Atrial fibrillation catheter ablation vs medical therapy and psychological distress. A randomized clinical trial

Ahmed M. Al-Kaisey, Ramanathan Parameswaran, Christina Bryant, Robert D. Anderson, Joshua Hawson, David Chieng, Louise Segan, Aleksandr Voskoboinik, Hariharan Sugumar, Geoffrey R. Wong, Sue Finch, Stephen A. Joseph, Alex McLellan, Liang Han Ling, Joseph Morton, Paul Sparks, Prashanthan Sanders, Geoffrey Lee, Peter M. Kistler, Jonathan M. Kalman

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12 Citations (Scopus)


Importance: The impact of atrial fibrillation (AF) catheter ablation on mental health outcomes is not well understood. Objective: To determine whether AF catheter ablation is associated with greater improvements in markers of psychological distress compared with medical therapy alone. Design, Setting, and Participants: The Randomized Evaluation of the Impact of Catheter Ablation on Psychological Distress in Atrial Fibrillation (REMEDIAL) study was a randomized trial of symptomatic participants conducted in 2 AF centers in Australia between June 2018 and March 2021. Interventions: Participants were randomized to receive AF catheter ablation (n = 52) or medical therapy (n = 48). Main Outcomes and Measures: The primary outcome was Hospital Anxiety and Depression Scale (HADS) score at 12 months. Secondary outcomes included follow-up assessments of prevalence of severe psychological distress (HADS score >15), anxiety HADS score, depression HADS score, and Beck Depression Inventory-II (BDI-II) score. Arrhythmia recurrence and AF burden data were also analyzed. Results: A total of 100 participants were randomized (mean age, 59 [12] years; 31 [32%] women; 54% with paroxysmal AF). Successful pulmonary vein isolation was achieved in all participants in the ablation group. The combined HADS score was lower in the ablation group vs the medical group at 6 months (8.2 [5.4] vs 11.9 [7.2]; P =.006) and at 12 months (7.6 [5.3] vs 11.8 [8.6]; between-group difference, -4.17 [95% CI, -7.04 to -1.31]; P =.005). Similarly, the prevalence of severe psychological distress was lower in the ablation group vs the medical therapy group at 6 months (14.2% vs 34%; P =.02) and at 12 months (10.2% vs 31.9%; P =.01), as was the anxiety HADS score at 6 months (4.7 [3.2] vs 6.4 [3.9]; P =.02) and 12 months (4.5 [3.3] vs 6.6 [4.8]; P =.02); the depression HADS score at 3 months (3.7 [2.6] vs 5.2 [4.0]; P =.047), 6 months (3.4 [2.7] vs 5.5 [3.9]; P =.004), and 12 months (3.1 [2.6] vs 5.2 [3.9]; P =.004); and the BDI-II score at 6 months (7.2 [6.1] vs 11.5 [9.0]; P =.01) and 12 months (6.6 [7.2] vs 10.9 [8.2]; P =.01). The median (IQR) AF burden in the ablation group was lower than in the medical therapy group (0% [0%-3.22%] vs 15.5% [1.0%-45.9%]; P <.001). Conclusion and Relevance: In this trial of participants with symptomatic AF, improvement in psychological symptoms of anxiety and depression was observed with catheter ablation, but not medical therapy. Trial Registration: ANZCTR Identifier: ACTRN12618000062224.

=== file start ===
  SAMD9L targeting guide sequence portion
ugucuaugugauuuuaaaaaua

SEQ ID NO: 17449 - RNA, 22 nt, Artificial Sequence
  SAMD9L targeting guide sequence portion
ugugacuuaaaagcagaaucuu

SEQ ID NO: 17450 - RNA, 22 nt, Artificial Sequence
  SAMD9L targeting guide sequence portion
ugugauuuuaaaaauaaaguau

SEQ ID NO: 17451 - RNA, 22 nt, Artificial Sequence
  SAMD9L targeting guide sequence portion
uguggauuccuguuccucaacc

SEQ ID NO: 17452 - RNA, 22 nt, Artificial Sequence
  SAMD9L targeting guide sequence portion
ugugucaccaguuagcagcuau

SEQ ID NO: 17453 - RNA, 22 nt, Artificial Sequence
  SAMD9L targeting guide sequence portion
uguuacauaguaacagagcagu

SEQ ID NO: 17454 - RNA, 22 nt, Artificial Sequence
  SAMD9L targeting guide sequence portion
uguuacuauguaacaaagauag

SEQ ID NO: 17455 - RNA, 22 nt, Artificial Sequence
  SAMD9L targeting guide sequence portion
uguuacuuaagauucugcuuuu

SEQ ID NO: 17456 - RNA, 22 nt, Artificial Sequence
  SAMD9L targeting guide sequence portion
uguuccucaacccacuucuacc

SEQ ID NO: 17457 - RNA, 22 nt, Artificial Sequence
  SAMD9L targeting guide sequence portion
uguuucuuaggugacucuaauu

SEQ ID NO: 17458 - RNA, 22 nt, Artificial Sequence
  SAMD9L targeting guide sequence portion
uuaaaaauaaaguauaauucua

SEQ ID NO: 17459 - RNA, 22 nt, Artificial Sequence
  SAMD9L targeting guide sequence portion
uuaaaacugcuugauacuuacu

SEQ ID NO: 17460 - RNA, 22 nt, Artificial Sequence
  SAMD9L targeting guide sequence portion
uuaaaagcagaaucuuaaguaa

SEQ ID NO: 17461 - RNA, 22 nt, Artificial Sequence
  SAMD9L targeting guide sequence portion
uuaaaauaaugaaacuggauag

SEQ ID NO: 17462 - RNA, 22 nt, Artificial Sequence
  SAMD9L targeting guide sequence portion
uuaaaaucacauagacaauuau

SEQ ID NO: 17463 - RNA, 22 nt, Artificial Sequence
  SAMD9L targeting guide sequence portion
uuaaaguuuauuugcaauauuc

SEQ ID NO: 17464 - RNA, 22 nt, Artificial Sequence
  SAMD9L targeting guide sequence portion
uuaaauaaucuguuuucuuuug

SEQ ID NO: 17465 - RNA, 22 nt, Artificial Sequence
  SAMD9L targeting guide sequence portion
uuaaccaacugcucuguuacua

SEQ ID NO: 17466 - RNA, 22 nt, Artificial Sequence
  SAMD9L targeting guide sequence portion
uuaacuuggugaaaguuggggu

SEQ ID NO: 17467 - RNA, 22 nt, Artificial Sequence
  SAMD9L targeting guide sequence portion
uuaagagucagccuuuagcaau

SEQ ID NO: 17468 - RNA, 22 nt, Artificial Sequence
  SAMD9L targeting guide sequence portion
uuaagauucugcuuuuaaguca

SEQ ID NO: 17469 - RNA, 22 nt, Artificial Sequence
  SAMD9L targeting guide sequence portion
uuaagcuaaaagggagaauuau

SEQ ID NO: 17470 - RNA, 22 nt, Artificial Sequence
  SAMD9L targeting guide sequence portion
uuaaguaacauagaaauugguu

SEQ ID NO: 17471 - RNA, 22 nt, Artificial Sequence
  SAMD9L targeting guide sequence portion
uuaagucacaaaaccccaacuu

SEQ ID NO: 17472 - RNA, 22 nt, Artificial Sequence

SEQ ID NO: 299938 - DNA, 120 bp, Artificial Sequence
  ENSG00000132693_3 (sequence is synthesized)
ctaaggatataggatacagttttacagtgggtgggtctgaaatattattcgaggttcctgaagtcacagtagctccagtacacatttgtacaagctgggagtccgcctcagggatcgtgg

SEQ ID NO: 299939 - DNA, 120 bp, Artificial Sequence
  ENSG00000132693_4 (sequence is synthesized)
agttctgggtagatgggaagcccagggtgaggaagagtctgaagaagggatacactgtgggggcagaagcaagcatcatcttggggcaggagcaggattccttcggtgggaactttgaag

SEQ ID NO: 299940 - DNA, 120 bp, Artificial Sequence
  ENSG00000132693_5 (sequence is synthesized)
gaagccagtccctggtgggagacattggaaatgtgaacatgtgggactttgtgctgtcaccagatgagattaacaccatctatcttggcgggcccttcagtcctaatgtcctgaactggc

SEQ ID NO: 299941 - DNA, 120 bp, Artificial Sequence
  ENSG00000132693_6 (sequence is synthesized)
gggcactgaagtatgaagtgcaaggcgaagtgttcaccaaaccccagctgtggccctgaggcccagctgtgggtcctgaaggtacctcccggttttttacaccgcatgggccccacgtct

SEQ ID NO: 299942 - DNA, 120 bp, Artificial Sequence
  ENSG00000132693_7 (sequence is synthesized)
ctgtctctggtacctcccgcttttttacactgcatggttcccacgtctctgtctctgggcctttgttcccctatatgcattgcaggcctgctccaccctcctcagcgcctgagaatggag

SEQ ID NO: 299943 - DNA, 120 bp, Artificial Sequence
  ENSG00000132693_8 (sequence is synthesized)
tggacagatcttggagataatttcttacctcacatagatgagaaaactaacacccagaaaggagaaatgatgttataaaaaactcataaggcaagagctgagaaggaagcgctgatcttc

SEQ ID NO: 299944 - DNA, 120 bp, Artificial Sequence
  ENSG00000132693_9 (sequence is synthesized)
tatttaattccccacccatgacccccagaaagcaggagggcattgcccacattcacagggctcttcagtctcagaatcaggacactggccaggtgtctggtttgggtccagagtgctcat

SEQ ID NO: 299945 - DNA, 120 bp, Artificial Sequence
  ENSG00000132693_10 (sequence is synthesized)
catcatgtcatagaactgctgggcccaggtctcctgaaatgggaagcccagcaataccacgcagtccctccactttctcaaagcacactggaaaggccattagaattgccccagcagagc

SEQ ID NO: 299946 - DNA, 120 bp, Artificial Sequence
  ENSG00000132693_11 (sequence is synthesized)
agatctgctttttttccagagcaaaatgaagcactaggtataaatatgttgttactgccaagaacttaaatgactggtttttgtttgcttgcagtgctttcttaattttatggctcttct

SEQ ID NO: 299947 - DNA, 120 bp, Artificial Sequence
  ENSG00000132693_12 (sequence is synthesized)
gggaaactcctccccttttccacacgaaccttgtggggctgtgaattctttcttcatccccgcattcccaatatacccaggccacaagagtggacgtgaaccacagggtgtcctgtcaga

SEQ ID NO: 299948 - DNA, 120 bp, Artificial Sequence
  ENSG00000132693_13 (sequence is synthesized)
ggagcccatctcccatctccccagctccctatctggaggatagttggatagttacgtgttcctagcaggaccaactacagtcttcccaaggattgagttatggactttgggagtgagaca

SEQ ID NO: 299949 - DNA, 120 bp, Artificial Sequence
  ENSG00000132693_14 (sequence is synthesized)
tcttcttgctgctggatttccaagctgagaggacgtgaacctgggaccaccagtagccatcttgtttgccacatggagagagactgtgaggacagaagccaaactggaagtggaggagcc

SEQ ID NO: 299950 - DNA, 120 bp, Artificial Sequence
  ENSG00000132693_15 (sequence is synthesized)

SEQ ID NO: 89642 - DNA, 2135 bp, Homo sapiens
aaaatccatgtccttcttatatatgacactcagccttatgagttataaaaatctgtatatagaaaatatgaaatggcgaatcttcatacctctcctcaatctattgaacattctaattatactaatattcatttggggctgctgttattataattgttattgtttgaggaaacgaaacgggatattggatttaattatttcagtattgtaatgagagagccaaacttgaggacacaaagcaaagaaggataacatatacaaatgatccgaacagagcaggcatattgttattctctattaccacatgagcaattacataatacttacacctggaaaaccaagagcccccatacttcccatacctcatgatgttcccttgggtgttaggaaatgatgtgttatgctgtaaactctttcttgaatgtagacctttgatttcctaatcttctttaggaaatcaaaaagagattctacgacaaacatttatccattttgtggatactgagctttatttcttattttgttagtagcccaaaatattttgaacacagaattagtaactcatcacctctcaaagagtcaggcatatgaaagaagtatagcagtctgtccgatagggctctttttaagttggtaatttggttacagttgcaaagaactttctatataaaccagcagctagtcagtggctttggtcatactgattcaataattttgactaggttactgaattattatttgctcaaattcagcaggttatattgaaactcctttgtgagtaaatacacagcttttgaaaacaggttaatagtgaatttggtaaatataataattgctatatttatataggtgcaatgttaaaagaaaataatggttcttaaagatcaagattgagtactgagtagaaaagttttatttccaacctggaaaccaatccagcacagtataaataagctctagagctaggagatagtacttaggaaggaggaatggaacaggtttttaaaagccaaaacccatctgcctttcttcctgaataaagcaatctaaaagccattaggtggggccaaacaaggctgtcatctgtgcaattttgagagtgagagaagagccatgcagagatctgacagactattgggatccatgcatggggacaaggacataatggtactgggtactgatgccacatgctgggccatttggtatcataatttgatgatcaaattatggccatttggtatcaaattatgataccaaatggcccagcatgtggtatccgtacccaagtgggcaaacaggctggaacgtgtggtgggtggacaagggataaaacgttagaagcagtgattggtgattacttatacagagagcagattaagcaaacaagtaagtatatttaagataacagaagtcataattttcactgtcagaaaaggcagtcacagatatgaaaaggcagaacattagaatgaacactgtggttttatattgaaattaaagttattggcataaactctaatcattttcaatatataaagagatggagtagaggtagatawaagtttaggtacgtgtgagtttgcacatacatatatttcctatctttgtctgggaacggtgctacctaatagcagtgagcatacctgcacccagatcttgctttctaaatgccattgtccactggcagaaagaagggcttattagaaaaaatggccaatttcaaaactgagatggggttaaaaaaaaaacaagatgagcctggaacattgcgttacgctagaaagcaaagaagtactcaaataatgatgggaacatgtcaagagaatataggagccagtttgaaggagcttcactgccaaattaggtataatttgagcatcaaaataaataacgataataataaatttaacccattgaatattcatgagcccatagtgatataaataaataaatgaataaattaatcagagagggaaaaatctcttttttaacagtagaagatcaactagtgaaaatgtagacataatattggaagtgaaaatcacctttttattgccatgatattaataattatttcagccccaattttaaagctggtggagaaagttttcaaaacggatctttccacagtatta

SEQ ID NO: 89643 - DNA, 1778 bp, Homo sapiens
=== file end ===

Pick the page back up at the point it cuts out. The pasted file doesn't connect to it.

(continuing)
Original languageEnglish
Pages (from-to)925-933
Number of pages9
JournalJAMA : the journal of the American Medical Association
Issue number10
Publication statusPublished or Issued - 12 Sept 2023
Externally publishedYes

ASJC Scopus subject areas

  • Medicine(all)

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